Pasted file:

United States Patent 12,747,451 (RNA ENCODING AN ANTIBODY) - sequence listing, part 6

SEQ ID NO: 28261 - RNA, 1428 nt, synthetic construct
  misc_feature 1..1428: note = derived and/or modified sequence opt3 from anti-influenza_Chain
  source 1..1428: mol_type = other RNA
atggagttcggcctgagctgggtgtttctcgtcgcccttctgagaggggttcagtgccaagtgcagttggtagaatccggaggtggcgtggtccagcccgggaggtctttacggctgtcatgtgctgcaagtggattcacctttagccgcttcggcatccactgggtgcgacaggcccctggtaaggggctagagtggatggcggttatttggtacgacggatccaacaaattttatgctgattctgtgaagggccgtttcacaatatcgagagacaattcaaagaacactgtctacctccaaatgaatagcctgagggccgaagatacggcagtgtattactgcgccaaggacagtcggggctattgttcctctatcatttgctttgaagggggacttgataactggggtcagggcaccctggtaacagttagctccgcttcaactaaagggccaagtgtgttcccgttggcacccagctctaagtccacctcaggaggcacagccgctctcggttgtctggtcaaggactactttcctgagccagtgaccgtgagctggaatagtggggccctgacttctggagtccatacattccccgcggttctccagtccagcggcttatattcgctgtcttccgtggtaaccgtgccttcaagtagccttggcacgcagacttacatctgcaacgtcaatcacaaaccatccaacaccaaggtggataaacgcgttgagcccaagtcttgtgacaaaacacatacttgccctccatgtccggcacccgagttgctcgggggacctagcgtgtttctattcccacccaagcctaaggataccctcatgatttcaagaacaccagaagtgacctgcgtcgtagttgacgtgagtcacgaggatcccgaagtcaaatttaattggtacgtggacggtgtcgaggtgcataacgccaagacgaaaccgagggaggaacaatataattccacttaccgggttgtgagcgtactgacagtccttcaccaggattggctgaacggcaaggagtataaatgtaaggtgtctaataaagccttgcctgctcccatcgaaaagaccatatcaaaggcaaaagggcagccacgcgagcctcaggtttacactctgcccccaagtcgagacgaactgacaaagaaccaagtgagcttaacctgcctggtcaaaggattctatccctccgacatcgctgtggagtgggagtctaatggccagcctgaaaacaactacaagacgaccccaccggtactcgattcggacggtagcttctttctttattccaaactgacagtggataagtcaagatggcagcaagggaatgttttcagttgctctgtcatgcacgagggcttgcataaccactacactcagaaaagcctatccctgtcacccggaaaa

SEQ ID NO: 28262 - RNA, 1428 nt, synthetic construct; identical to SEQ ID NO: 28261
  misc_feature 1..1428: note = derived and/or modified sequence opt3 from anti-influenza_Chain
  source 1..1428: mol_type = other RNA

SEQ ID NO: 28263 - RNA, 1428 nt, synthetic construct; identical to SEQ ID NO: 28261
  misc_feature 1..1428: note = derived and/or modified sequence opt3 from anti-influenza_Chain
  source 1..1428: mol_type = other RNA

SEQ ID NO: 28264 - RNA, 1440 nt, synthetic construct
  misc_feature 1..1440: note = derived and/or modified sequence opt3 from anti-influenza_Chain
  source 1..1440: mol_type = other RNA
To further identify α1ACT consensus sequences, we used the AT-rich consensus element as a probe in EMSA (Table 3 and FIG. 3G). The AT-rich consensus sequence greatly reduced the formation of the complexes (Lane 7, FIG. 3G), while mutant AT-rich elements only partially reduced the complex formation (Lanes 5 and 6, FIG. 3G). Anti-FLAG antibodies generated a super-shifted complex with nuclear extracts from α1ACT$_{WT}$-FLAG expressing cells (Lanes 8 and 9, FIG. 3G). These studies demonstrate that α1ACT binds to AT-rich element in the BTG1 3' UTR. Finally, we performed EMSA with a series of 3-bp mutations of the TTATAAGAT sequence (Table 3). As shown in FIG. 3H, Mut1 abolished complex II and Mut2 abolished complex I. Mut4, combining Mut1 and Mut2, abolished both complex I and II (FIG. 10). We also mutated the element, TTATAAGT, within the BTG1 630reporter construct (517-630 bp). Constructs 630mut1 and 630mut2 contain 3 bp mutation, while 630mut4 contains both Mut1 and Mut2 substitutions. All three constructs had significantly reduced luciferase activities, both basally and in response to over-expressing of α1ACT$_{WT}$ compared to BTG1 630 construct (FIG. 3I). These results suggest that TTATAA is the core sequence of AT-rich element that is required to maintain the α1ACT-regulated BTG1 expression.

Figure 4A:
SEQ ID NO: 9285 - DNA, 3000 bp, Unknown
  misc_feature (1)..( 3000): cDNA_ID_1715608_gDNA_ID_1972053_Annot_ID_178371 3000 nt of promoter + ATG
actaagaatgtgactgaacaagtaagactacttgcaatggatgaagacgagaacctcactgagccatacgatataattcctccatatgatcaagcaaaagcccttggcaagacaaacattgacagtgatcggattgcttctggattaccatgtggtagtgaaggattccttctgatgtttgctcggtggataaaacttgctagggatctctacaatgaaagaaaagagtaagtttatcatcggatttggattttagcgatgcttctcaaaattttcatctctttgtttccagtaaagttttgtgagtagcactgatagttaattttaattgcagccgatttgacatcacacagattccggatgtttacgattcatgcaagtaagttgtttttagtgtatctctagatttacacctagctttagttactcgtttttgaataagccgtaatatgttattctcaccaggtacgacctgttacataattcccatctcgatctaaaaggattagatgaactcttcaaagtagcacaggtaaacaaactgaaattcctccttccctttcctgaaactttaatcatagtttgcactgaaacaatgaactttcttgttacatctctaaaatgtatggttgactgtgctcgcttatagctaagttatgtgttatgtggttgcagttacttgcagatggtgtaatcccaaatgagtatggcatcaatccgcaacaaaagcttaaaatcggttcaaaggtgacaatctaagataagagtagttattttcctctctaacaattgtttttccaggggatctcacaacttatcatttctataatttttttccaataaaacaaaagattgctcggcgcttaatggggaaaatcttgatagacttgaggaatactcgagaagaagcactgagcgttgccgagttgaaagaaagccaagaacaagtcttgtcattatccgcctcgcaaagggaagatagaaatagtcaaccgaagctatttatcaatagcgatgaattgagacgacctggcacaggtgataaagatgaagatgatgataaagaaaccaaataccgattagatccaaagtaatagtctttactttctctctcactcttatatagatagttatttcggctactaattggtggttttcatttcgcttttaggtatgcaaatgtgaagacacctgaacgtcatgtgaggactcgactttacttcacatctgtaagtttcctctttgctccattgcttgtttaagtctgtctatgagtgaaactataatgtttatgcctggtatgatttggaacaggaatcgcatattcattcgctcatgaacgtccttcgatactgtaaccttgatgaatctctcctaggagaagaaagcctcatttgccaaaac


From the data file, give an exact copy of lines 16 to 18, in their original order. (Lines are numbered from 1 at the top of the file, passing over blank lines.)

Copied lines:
Figure 4A:
SEQ ID NO: 9285 - DNA, 3000 bp, Unknown
  misc_feature (1)..( 3000): cDNA_ID_1715608_gDNA_ID_1972053_Annot_ID_178371 3000 nt of promoter + ATG